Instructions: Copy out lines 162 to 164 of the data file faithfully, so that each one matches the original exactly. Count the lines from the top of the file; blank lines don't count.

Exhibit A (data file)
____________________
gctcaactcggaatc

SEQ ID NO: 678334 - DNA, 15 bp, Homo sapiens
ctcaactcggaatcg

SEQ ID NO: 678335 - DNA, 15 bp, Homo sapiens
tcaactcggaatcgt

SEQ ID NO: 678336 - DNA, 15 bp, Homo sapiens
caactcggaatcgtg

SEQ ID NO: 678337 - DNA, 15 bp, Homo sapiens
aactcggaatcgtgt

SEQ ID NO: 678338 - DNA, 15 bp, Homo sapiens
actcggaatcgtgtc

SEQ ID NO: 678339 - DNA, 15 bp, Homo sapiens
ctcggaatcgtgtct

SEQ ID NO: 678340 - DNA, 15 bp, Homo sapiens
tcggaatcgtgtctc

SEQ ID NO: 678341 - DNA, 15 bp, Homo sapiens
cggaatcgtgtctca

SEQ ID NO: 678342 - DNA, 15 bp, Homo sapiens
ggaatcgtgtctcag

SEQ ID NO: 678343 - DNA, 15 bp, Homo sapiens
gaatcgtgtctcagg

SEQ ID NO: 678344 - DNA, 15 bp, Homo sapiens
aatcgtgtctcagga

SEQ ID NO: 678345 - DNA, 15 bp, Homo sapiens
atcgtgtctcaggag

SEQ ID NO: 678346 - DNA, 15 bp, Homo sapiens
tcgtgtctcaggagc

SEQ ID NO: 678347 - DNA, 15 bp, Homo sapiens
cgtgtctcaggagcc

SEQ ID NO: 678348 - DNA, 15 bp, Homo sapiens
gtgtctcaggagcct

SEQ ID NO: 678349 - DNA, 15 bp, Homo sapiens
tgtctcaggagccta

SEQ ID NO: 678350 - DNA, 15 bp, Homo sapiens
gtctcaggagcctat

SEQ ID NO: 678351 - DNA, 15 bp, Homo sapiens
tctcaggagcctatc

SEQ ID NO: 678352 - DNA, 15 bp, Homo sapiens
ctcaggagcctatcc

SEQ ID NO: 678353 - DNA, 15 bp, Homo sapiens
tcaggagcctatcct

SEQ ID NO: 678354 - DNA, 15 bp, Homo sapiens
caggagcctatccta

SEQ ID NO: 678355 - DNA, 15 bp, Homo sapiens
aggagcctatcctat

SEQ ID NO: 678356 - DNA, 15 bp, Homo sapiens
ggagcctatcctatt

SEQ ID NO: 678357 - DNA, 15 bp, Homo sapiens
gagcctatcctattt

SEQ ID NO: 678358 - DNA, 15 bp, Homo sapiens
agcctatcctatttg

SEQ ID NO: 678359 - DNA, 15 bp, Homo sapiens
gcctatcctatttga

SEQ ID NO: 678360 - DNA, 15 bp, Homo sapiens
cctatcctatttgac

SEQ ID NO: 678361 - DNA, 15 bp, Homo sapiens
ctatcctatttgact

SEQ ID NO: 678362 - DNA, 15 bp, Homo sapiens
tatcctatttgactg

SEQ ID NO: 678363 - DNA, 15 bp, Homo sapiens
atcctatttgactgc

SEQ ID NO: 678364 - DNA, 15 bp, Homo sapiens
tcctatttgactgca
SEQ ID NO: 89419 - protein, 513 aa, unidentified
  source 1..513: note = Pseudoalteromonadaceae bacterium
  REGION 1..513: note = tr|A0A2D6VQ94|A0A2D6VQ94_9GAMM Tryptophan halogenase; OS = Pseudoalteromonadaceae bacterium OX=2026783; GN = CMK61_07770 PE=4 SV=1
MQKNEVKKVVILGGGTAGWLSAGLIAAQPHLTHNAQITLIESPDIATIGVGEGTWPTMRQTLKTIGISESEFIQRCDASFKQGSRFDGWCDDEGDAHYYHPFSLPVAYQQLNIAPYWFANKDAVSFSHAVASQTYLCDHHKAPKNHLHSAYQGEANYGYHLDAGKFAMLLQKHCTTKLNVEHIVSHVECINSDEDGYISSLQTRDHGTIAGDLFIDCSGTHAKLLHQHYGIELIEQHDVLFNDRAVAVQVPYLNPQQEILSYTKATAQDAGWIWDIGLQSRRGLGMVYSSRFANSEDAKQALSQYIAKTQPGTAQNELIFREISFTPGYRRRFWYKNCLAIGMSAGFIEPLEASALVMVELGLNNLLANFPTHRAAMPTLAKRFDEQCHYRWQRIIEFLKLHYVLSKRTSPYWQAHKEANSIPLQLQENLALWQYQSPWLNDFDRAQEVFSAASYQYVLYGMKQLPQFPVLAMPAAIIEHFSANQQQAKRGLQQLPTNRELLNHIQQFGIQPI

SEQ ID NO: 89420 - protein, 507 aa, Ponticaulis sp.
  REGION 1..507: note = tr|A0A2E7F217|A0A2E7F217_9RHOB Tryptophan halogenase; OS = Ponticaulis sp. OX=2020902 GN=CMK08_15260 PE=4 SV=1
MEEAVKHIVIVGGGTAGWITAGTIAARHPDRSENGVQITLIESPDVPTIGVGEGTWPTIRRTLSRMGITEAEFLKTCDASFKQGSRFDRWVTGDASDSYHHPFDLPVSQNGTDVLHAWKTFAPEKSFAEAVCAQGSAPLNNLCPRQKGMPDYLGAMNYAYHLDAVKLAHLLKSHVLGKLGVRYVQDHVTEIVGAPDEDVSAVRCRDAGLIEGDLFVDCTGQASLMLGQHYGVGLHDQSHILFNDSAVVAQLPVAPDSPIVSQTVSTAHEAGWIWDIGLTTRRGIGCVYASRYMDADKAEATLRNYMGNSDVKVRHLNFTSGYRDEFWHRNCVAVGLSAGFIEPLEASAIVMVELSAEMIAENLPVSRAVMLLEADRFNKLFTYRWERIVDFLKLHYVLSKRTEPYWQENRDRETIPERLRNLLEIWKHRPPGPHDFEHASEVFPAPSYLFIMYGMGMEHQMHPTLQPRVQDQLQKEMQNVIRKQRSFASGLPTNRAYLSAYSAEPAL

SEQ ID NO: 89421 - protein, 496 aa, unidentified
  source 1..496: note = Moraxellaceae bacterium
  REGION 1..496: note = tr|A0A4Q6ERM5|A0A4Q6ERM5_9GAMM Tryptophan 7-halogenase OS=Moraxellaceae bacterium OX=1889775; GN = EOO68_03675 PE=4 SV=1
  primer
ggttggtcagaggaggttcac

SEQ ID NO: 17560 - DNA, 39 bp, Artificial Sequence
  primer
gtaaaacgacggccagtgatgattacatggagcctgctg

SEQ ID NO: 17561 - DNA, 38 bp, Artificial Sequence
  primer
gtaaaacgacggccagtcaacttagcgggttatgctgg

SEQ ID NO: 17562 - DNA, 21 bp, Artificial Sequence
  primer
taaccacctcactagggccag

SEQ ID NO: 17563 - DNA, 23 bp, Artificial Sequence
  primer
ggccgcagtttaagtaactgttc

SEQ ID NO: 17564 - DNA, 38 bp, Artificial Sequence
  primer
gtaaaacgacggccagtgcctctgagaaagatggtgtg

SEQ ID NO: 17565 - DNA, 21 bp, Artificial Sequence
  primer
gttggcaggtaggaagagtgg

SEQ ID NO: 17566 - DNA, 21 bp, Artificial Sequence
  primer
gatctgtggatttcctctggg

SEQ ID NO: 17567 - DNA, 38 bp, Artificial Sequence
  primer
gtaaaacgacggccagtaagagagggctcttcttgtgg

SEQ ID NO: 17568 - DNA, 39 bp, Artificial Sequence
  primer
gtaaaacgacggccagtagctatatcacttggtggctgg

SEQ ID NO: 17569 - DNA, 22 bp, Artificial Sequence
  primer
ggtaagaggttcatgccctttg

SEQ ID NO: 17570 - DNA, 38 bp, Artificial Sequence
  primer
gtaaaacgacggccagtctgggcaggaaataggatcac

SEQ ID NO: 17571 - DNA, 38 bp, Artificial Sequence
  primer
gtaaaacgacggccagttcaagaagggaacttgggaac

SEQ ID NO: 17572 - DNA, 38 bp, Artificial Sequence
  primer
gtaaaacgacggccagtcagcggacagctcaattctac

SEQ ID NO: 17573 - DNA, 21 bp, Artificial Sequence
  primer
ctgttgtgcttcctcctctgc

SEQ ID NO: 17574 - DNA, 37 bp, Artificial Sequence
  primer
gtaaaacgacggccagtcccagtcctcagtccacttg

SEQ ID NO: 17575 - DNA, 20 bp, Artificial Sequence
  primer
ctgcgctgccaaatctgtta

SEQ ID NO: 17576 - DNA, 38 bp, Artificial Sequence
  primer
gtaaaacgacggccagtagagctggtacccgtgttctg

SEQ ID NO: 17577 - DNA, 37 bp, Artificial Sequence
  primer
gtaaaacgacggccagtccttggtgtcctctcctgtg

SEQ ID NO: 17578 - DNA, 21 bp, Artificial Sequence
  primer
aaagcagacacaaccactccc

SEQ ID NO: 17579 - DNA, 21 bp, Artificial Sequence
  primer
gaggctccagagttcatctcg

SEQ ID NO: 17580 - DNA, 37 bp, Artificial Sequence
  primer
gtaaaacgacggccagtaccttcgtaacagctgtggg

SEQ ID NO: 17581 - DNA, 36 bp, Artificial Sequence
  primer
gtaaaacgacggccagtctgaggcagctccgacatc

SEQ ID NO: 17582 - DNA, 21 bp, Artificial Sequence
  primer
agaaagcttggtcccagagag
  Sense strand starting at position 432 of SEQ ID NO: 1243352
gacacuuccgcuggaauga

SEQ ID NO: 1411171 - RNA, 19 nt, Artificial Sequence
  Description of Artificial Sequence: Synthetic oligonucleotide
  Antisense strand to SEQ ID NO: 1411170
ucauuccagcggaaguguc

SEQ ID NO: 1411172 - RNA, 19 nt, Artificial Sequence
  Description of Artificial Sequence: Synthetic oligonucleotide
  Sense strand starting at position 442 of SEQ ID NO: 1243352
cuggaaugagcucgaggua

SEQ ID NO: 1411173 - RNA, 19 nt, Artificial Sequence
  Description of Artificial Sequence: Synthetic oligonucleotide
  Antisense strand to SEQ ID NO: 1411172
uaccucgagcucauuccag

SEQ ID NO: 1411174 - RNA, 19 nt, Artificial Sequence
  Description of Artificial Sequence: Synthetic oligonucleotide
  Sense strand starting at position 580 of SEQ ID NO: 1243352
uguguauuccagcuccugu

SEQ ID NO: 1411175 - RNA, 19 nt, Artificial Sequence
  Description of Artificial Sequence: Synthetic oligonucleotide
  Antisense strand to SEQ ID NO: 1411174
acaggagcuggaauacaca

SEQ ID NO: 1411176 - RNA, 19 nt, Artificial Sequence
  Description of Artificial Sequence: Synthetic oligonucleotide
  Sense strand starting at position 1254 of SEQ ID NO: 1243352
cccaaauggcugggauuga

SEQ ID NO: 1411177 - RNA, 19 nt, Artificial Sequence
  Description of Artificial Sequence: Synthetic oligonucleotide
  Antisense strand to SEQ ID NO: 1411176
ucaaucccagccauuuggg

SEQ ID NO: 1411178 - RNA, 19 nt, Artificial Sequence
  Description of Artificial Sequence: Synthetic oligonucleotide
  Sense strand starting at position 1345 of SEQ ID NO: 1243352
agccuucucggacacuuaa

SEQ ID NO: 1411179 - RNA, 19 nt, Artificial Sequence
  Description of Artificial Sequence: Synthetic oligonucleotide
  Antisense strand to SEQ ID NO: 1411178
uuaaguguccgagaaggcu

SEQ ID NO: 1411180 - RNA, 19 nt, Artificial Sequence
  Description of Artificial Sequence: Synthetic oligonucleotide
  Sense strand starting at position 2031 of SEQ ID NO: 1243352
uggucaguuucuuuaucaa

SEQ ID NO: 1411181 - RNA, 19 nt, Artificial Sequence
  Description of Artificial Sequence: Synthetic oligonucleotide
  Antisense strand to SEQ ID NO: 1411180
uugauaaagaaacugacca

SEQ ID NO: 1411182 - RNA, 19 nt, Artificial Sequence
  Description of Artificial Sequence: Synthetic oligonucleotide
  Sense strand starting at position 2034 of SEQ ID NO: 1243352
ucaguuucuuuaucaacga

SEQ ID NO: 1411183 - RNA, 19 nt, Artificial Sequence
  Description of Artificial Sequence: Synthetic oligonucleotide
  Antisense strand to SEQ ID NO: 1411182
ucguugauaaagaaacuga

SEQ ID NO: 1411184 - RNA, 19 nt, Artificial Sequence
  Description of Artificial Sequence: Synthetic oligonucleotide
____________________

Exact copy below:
uguguauuccagcuccugu

SEQ ID NO: 1411175 - RNA, 19 nt, Artificial Sequence
  Description of Artificial Sequence: Synthetic oligonucleotide